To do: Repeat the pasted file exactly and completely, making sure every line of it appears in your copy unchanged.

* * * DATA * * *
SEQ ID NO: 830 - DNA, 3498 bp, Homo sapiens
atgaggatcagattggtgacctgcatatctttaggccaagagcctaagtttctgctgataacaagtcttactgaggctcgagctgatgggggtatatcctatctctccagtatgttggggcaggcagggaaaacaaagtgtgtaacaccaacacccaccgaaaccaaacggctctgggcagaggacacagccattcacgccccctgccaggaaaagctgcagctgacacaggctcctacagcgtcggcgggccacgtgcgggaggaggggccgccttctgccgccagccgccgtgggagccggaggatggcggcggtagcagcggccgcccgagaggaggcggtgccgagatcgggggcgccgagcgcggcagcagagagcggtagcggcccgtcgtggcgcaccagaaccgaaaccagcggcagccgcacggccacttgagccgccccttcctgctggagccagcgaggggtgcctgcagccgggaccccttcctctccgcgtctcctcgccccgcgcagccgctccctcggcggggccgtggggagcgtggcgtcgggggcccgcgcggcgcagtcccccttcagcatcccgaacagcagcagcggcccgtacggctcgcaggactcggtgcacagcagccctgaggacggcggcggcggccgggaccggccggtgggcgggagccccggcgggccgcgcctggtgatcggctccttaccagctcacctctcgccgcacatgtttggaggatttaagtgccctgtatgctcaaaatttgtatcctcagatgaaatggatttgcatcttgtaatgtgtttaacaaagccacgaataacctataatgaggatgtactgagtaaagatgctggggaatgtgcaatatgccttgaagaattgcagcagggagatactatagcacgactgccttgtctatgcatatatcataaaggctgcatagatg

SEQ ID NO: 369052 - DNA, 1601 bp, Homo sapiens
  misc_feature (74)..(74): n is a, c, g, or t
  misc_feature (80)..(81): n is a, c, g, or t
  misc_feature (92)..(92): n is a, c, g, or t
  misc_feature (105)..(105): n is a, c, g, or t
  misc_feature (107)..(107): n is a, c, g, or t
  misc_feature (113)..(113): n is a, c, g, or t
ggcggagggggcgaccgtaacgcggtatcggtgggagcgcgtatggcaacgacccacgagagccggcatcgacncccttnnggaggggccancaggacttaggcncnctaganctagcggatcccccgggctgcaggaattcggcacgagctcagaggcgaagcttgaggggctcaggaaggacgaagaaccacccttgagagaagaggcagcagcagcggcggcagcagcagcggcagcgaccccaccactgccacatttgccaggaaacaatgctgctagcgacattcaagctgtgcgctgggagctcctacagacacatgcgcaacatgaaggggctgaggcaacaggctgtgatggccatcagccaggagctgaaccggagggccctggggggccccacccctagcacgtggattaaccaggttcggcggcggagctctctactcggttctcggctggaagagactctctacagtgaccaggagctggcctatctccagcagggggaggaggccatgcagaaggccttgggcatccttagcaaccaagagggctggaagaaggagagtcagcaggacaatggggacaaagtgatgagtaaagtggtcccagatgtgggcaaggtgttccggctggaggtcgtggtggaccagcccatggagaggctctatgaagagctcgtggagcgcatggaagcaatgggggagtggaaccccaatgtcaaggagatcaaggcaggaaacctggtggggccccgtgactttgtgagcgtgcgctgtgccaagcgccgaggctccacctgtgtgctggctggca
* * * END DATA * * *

SEQ ID NO: 830 - DNA, 3498 bp, Homo sapiens
atgaggatcagattggtgacctgcatatctttaggccaagagcctaagtttctgctgataacaagtcttactgaggctcgagctgatgggggtatatcctatctctccagtatgttggggcaggcagggaaaacaaagtgtgtaacaccaacacccaccgaaaccaaacggctctgggcagaggacacagccattcacgccccctgccaggaaaagctgcagctgacacaggctcctacagcgtcggcgggccacgtgcgggaggaggggccgccttctgccgccagccgccgtgggagccggaggatggcggcggtagcagcggccgcccgagaggaggcggtgccgagatcgggggcgccgagcgcggcagcagagagcggtagcggcccgtcgtggcgcaccagaaccgaaaccagcggcagccgcacggccacttgagccgccccttcctgctggagccagcgaggggtgcctgcagccgggaccccttcctctccgcgtctcctcgccccgcgcagccgctccctcggcggggccgtggggagcgtggcgtcgggggcccgcgcggcgcagtcccccttcagcatcccgaacagcagcagcggcccgtacggctcgcaggactcggtgcacagcagccctgaggacggcggcggcggccgggaccggccggtgggcgggagccccggcgggccgcgcctggtgatcggctccttaccagctcacctctcgccgcacatgtttggaggatttaagtgccctgtatgctcaaaatttgtatcctcagatgaaatggatttgcatcttgtaatgtgtttaacaaagccacgaataacctataatgaggatgtactgagtaaagatgctggggaatgtgcaatatgccttgaagaattgcagcagggagatactatagcacgactgccttgtctatgcatatatcataaaggctgcatagatg

SEQ ID NO: 369052 - DNA, 1601 bp, Homo sapiens
  misc_feature (74)..(74): n is a, c, g, or t
  misc_feature (80)..(81): n is a, c, g, or t
  misc_feature (92)..(92): n is a, c, g, or t
  misc_feature (105)..(105): n is a, c, g, or t
  misc_feature (107)..(107): n is a, c, g, or t
  misc_feature (113)..(113): n is a, c, g, or t
ggcggagggggcgaccgtaacgcggtatcggtgggagcgcgtatggcaacgacccacgagagccggcatcgacncccttnnggaggggccancaggacttaggcncnctaganctagcggatcccccgggctgcaggaattcggcacgagctcagaggcgaagcttgaggggctcaggaaggacgaagaaccacccttgagagaagaggcagcagcagcggcggcagcagcagcggcagcgaccccaccactgccacatttgccaggaaacaatgctgctagcgacattcaagctgtgcgctgggagctcctacagacacatgcgcaacatgaaggggctgaggcaacaggctgtgatggccatcagccaggagctgaaccggagggccctggggggccccacccctagcacgtggattaaccaggttcggcggcggagctctctactcggttctcggctggaagagactctctacagtgaccaggagctggcctatctccagcagggggaggaggccatgcagaaggccttgggcatccttagcaaccaagagggctggaagaaggagagtcagcaggacaatggggacaaagtgatgagtaaagtggtcccagatgtgggcaaggtgttccggctggaggtcgtggtggaccagcccatggagaggctctatgaagagctcgtggagcgcatggaagcaatgggggagtggaaccccaatgtcaaggagatcaaggcaggaaacctggtggggccccgtgactttgtgagcgtgcgctgtgccaagcgccgaggctccacctgtgtgctggctggca